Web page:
(gentle music) - Before we get into the meat of the course, I'd like to take a quick moment to mention that most of the examples and resources I use in this course, apply to the North American publishing marketplace. Although other publishing markets, such as the United Kingdom and other parts of Europe, work similarly, because I'm not as familiar with them, I stick to what I know. If you're trying to get published outside of the U.S.
and Canada, I'm certain you will still find the information presented in this course useful. But the specific examples and list of resources that I provide won't always apply to you. I should also note that this course is designed for selling a fiction novel. Nonfiction is an entirely different market, and although the selling processes have their similarities, don't assume you can apply everything you learn here to a nonfiction book. There are several very important differences. The advice provided here is specific to selling novels.
So let's talk about what's contained in this course. In addition to explaining the process of selling your novel to a publisher, I've also included exercises and links to resources to help you along your journey. In the next lecture, I'll provide a quick overview of the entire publishing process. Then I'll break down each section in detail. Within each section, I've also included several tools, references, examples, recommended reading lists, and other helpful materials. Like every industry, the publishing industry has its own set of terminology and buzz words.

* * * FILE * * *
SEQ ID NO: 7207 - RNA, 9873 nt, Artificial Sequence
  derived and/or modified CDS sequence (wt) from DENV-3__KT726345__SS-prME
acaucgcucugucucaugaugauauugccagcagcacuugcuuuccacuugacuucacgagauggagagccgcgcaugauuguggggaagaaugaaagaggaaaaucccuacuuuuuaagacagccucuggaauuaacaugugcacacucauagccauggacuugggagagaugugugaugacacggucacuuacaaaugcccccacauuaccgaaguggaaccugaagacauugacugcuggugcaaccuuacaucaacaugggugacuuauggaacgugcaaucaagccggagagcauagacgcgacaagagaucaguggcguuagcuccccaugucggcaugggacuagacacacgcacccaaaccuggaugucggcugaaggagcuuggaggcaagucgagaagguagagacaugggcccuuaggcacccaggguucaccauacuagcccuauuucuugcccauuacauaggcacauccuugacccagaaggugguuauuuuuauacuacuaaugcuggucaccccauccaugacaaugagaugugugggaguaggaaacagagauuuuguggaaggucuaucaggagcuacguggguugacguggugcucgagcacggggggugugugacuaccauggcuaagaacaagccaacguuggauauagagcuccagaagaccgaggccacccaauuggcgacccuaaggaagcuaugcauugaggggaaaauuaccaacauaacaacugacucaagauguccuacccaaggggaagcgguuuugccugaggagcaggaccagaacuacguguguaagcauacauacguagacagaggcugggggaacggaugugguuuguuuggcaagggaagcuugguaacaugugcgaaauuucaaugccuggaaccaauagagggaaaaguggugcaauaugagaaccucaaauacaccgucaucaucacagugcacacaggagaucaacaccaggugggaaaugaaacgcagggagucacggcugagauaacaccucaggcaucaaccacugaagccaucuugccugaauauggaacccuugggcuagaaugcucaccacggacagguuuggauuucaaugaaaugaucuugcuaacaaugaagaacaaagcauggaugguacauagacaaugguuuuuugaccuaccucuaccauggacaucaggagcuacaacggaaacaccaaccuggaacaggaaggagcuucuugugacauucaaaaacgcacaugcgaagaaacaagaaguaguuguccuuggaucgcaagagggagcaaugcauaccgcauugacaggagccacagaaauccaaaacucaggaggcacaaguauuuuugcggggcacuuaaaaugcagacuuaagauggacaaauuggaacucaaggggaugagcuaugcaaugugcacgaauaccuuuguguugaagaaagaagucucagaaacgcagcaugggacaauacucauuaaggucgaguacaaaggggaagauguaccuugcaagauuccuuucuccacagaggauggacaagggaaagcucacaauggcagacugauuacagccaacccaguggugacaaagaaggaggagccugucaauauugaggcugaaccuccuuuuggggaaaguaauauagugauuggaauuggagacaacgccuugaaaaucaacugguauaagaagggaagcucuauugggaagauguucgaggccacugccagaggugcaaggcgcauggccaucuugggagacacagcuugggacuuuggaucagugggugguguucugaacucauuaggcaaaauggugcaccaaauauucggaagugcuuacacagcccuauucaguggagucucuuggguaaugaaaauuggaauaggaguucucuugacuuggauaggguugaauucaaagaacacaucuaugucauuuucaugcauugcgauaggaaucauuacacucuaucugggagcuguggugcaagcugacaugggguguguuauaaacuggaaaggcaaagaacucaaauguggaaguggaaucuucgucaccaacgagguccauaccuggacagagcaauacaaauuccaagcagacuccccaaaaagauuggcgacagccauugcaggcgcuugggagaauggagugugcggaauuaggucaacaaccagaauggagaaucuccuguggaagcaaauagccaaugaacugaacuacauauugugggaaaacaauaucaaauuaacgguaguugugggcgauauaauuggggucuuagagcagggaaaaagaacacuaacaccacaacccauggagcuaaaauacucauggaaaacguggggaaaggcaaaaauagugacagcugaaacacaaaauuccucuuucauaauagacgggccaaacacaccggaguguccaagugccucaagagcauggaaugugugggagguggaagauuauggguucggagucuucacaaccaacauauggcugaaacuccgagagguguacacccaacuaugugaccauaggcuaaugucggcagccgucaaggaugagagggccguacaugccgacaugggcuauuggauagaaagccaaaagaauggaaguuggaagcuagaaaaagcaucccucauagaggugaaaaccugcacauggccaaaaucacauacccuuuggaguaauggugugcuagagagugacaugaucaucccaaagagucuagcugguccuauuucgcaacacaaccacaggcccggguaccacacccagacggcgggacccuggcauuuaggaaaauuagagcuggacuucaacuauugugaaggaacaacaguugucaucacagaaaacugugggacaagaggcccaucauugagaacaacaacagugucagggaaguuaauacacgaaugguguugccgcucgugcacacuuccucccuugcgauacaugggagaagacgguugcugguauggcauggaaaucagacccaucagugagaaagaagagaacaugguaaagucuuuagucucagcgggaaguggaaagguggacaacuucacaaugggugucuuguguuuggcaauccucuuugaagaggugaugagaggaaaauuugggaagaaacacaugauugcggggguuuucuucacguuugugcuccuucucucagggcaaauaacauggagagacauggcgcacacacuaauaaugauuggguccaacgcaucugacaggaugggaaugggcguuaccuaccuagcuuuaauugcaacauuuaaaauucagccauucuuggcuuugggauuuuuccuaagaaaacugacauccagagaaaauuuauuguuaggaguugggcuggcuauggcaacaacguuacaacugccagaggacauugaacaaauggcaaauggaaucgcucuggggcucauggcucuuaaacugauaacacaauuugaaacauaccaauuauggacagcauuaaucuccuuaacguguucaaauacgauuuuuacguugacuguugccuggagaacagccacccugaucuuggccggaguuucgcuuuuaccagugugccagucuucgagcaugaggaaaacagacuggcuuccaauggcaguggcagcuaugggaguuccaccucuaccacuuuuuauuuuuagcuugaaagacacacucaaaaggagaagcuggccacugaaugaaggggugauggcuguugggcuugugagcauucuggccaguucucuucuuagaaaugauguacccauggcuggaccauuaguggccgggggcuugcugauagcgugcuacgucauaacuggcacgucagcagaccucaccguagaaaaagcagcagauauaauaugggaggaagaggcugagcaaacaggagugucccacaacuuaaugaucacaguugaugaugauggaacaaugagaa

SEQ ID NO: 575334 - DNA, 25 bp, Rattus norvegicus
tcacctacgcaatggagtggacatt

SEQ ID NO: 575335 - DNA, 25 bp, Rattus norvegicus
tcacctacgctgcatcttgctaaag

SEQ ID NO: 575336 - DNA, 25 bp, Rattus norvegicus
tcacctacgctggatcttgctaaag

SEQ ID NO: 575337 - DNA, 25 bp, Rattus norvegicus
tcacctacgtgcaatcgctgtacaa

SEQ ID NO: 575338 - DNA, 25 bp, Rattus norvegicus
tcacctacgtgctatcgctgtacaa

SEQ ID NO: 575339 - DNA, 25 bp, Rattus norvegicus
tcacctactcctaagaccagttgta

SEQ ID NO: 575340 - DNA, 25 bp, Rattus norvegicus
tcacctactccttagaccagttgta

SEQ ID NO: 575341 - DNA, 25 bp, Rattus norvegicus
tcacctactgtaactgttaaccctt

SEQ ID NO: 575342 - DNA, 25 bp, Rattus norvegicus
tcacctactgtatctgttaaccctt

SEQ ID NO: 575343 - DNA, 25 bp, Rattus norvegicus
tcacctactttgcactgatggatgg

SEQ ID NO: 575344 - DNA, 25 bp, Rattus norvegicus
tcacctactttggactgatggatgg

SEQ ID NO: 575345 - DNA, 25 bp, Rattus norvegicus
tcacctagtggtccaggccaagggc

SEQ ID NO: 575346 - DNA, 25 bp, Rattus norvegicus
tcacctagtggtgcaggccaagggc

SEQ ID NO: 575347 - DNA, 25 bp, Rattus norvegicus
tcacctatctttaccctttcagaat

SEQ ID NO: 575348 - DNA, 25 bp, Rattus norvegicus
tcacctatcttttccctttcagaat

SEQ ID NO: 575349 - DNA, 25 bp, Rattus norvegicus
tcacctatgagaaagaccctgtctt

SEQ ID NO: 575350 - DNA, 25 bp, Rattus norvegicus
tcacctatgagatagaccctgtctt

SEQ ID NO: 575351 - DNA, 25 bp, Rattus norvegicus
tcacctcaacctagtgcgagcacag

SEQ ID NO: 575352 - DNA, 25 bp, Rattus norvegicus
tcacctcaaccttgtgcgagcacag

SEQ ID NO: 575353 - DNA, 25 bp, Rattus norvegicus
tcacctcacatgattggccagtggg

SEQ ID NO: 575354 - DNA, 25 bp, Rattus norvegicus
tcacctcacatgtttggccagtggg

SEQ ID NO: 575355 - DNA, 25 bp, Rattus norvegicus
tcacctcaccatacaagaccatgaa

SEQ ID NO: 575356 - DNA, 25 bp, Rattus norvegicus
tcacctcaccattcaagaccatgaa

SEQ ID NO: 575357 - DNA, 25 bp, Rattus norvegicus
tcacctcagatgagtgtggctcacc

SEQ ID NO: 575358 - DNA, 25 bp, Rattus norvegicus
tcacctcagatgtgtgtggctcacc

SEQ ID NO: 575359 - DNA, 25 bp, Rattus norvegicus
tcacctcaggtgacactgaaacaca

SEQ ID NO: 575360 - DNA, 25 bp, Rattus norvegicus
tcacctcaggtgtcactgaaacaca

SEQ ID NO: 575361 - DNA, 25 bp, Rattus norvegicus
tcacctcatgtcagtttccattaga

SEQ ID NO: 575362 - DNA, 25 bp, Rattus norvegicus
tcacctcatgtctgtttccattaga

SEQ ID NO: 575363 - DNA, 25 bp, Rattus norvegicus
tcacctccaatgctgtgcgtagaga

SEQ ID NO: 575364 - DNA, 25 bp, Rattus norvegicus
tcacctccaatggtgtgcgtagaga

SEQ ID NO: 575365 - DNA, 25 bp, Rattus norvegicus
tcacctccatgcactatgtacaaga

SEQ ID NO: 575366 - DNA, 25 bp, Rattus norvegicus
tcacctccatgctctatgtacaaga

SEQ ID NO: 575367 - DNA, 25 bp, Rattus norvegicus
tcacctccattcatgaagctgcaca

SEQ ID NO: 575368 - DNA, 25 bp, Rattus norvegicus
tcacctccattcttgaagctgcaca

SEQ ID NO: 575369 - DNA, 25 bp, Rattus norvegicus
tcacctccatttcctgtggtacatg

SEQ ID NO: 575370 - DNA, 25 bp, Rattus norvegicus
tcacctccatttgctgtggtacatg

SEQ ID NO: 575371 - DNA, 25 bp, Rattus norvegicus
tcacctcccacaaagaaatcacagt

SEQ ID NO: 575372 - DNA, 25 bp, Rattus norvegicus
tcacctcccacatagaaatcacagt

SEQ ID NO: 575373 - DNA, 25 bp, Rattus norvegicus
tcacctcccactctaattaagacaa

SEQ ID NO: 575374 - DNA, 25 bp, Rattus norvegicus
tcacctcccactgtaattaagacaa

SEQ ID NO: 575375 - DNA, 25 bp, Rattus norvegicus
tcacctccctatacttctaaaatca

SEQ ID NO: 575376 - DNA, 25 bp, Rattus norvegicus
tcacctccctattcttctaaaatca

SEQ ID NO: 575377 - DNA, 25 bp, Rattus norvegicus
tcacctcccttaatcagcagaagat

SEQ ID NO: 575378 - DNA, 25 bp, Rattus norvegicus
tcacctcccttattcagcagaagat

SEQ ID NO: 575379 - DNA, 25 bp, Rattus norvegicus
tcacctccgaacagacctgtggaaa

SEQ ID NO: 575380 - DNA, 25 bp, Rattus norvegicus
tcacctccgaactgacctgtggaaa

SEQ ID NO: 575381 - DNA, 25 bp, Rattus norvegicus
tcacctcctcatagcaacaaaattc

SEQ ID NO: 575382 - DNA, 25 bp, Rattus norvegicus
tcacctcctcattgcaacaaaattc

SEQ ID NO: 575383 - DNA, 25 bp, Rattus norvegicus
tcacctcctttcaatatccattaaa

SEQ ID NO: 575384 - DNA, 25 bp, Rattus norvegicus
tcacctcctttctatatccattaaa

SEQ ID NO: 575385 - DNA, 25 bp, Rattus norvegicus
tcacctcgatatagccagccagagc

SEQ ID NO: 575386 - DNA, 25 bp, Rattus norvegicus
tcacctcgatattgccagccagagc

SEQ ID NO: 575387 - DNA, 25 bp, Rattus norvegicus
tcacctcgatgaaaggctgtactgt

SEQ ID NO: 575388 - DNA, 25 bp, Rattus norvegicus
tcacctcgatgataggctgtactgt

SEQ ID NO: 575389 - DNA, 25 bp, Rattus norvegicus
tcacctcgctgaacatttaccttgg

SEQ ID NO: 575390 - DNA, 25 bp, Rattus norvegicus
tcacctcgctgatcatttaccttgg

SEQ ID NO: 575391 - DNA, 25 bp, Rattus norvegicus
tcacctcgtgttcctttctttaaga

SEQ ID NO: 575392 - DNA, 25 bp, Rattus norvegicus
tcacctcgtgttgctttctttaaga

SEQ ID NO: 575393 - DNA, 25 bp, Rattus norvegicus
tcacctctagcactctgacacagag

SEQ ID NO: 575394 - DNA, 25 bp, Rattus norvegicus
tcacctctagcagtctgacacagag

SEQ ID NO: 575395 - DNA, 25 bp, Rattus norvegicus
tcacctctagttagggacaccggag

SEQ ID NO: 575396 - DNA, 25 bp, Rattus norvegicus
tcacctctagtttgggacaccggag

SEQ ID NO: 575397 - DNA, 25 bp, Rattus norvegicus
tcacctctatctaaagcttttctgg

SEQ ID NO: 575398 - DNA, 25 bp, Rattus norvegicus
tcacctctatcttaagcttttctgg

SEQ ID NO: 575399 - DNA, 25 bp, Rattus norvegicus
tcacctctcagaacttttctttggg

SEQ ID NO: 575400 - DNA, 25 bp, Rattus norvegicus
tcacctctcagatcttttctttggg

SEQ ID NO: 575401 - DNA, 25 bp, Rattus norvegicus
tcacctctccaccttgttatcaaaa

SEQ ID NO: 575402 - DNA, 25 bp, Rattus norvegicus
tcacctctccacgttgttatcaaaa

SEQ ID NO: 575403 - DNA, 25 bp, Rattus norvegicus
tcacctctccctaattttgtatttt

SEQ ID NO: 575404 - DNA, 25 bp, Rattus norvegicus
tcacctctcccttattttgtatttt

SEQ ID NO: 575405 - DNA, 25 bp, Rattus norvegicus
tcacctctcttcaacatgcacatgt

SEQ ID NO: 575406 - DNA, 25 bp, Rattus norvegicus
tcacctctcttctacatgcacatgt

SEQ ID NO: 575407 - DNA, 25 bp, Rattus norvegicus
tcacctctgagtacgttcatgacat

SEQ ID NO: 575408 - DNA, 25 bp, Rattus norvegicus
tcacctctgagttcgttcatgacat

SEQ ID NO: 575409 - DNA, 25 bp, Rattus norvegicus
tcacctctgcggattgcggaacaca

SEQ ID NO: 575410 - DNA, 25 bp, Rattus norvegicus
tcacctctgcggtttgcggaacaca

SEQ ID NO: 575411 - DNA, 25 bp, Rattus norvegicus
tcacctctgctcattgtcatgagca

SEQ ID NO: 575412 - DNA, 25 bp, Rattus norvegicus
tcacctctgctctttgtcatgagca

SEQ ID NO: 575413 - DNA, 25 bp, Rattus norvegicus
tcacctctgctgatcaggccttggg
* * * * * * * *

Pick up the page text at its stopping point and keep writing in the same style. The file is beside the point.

If there's ever a word or term that I use throughout the course that you don't understand, you can consult the glossary I've included in the resources section of this lecture. Throughout the course, you will probably want to take some notes. I recommend keeping your notes in a separate notebook or in Evernote, my favorite note taking app. Evernote stores your notes securely in the cloud so that they're always available, searchable, and in sync on your computers, phone, and tablets. It's a great way to stay organized and it's free. Of course, pen and paper will work just fine, too.
Just try to keep everything in one place and stay organized. Okay, before we continue, I have one very big disclaimer that I must articulate here. There are a thousand ways to go about selling a book. And there is no one right way to do it. This course is based on my experiences and the experiences of other authors that I've interviewed. Some of the things that worked for me may not be right for you. There are also many factors and variables that go into getting an agent and a publisher. I cannot guarantee that your book will be published and/or represented by an agent by following the steps outlined in this course.
But I can, however, guarantee that these lectures provide valuable insight and information about the publishing industry that is well worth your time. After you've finished this course, you will be familiar with the entire process of publishing a novel, from writing your first query letter to autographing the first printed copy of your book. I have to say, selling a novel is a very difficult thing to do, but not an impossible one. I'm living proof of that. But like any career path, knowing how to go about it is the first step, so consider this course your study guide for the big exam.
I can't guarantee that you'll earn a passing grade at the end, but I can give you the tools to do so. The rest is up to you. Experts say the quickest way to succeed at anything is to model your action plan after someone who has already done it. Well, here I am handing you my action plan on a silver platter. So let's get started.
- Comparing traditional publishing and self-publishing
- Writing and revising your novel
- Finding an agent
- Perfecting your pitch
- Writing a query letter
- Researching agents
- Submitting to agents
- Reading your book contract
- Negotiating advances and royalties
- Understanding the publishing process